by Margret Kopala

Letter to the editor published on June 12, 1997

Preston Manning, citing extravagance for him and his wife and "expense to taxpayers," won’t occupy Stornoway. This raises questions about his understanding of what it means to e leader of Her Majesty’s Loyal Opposition.

Our parliamentary institutions (and their appurtenances, such as official residences) have practical and symbolic functions that transcend the lifestyle or ideological choices of their occupants. Indeed, one of those functions is to elevate the occupants to the dignity of the office they hold so they can discharge their duties in a manner befitting the Crown and the people of Canada. If the occupants wish to do so in a frugal manner, no one would object. But the decision about whether or not the institution is "too expensive" to occupy in the first place is simply not that of the occupants to make; it belongs to Parliament.

Moreover, our parliamentary institutions - which represent centuries of democratic development in the United Kingdom and in Canada - are key to achieving the peaceful, evolutionary changes for which many of us, like Mr.Manning, are hoping. But procedures exist to effect such changes. Flouting those procedures and institutions, even in small ways, is not only inappropriate but irresponsible and possibly dangerous.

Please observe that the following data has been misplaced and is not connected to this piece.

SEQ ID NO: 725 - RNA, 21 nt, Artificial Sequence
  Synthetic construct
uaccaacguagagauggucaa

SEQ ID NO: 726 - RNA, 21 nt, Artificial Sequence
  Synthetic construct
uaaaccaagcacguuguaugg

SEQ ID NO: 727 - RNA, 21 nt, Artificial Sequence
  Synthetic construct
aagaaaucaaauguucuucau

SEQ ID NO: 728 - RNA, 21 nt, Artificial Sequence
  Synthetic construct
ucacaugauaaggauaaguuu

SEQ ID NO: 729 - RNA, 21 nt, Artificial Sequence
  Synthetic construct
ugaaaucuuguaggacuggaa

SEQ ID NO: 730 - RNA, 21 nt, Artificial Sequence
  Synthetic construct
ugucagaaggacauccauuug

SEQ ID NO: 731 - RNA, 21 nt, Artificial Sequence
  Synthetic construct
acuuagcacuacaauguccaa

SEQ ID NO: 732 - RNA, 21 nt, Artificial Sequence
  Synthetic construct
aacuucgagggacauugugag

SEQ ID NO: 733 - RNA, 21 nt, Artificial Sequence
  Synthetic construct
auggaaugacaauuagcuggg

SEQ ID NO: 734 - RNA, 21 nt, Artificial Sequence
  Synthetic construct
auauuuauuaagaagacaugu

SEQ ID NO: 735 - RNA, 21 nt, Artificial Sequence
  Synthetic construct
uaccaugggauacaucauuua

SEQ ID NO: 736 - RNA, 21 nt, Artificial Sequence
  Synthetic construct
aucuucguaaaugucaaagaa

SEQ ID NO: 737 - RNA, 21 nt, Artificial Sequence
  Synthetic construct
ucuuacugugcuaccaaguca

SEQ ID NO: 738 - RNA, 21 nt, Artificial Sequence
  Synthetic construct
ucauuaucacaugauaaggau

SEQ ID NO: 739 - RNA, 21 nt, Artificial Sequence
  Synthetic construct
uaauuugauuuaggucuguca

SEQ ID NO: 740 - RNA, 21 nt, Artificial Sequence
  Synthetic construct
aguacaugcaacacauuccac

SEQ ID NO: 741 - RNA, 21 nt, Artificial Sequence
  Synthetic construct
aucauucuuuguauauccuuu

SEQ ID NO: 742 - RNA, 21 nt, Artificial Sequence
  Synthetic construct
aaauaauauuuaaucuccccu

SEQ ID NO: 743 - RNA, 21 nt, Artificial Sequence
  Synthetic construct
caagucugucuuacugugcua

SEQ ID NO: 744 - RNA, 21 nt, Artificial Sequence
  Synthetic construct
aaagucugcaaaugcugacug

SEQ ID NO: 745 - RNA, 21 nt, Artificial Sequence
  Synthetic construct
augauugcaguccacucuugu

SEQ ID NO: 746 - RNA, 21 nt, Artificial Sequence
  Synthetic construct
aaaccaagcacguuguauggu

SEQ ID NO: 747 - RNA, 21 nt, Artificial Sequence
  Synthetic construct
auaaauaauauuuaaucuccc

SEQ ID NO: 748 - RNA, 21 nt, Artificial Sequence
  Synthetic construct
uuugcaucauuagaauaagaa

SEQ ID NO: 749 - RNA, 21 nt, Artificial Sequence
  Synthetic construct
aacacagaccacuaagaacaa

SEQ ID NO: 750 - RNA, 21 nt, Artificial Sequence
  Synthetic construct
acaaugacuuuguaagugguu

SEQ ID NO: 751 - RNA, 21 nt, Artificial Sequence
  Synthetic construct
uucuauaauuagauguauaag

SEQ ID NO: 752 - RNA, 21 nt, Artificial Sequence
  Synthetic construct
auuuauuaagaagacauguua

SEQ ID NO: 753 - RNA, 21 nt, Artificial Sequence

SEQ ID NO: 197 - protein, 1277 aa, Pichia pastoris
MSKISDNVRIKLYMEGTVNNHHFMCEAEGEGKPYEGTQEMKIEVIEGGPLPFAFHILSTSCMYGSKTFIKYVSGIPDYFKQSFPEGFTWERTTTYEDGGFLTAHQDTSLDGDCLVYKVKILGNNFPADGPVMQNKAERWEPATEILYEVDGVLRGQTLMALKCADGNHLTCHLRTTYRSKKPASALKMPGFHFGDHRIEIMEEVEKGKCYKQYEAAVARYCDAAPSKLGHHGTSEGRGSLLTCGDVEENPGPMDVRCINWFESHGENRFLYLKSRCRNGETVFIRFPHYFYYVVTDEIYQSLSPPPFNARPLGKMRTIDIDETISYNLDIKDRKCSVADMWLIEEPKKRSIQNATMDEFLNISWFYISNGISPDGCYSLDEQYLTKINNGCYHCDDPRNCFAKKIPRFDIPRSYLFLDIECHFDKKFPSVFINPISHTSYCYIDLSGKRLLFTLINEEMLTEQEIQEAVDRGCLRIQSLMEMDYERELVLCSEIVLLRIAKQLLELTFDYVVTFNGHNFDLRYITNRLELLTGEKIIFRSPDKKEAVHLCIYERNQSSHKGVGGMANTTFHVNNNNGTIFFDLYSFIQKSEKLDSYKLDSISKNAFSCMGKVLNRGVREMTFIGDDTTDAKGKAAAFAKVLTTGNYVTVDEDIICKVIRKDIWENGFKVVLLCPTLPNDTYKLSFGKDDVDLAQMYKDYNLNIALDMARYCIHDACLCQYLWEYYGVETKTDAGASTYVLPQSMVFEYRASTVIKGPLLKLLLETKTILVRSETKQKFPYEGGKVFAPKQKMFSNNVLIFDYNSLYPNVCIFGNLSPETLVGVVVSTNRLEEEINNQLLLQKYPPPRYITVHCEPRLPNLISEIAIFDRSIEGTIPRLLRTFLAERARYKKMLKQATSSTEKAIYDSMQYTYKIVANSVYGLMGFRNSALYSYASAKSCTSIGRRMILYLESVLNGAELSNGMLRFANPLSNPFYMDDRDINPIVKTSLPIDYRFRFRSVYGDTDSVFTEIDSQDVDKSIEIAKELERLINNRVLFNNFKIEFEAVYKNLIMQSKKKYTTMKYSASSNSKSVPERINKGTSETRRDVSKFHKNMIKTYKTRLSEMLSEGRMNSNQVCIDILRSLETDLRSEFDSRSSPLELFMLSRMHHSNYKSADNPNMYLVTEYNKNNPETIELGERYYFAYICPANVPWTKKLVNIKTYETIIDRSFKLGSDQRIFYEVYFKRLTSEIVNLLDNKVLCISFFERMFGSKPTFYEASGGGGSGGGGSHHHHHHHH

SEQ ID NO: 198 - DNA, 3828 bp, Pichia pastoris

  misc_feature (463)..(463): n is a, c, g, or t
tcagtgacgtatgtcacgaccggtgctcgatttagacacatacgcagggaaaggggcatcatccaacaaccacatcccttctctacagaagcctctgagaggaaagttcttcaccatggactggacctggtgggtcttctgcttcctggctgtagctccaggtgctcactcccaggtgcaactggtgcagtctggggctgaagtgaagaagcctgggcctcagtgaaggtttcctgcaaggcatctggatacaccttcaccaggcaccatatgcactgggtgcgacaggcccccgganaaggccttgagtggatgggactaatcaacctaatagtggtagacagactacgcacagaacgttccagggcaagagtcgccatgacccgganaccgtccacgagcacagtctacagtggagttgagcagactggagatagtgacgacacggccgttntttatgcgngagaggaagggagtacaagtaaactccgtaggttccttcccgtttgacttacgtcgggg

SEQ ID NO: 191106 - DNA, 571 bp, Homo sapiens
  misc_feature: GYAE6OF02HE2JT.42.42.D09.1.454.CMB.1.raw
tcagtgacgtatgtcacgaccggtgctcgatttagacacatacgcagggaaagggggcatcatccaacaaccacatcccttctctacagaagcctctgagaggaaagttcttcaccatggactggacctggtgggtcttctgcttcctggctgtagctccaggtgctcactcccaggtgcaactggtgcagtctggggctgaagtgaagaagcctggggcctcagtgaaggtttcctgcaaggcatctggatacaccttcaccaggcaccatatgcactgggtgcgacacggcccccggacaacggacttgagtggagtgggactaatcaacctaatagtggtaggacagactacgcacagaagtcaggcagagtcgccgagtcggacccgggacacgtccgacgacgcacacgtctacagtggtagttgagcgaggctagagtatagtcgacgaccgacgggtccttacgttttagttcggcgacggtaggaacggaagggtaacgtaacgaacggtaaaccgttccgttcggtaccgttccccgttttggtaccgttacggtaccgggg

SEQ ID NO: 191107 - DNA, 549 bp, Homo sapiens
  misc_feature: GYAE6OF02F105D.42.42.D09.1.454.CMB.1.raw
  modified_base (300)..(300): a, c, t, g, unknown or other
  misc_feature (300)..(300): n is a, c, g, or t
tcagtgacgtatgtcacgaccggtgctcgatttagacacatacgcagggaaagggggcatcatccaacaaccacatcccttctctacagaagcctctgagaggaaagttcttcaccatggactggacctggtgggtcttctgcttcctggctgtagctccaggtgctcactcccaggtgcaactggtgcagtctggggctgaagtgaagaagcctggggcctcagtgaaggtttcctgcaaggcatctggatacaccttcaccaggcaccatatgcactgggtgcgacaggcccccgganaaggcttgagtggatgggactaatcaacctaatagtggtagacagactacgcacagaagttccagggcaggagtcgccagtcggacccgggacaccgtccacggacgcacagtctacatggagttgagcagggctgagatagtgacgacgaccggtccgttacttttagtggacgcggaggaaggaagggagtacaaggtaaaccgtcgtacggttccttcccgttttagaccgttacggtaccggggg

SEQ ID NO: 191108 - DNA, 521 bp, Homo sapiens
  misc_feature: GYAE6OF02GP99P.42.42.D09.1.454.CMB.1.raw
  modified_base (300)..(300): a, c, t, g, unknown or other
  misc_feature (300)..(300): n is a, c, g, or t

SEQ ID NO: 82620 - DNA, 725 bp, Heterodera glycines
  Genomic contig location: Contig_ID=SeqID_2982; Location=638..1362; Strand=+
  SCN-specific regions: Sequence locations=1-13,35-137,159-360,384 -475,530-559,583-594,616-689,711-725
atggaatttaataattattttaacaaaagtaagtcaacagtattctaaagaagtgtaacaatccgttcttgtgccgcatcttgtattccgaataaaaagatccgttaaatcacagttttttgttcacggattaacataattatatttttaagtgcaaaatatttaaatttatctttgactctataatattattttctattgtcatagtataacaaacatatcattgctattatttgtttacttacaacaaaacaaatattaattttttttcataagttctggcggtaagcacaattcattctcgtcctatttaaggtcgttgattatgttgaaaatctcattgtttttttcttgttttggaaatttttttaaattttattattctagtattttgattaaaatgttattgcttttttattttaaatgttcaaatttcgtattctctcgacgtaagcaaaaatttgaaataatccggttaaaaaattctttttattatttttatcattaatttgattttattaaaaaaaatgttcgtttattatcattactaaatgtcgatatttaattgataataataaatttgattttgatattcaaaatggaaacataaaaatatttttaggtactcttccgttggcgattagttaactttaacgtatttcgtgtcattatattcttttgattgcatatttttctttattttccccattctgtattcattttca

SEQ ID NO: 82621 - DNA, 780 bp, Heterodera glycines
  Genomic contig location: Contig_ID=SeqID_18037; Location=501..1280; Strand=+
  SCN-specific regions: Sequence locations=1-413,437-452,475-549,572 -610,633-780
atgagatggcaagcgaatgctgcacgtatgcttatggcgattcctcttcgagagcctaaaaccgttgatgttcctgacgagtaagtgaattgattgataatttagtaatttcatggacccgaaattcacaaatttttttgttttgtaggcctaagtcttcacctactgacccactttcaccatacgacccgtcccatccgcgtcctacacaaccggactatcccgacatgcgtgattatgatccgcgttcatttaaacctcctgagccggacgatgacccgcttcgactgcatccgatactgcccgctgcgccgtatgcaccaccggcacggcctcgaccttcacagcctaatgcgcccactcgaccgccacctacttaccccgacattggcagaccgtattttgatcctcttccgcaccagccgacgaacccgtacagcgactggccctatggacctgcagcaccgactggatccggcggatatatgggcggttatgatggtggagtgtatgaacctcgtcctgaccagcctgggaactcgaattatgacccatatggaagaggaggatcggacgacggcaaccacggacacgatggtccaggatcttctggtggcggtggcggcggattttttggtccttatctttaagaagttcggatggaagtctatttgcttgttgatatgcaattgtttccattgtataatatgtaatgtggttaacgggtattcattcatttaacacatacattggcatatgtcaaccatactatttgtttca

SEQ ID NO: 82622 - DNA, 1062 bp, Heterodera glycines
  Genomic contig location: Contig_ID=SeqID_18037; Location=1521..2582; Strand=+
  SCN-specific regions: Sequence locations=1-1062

The Bloc Quebecois rejected Stornoway because of what it represents, putting Canada on notice about her future. The current leader of Her Majesty’s Loyal Opposition, on the other hand, doesn’t seem to understand its significance, which could have equally serious consequences for Canada.

Margret Kopala

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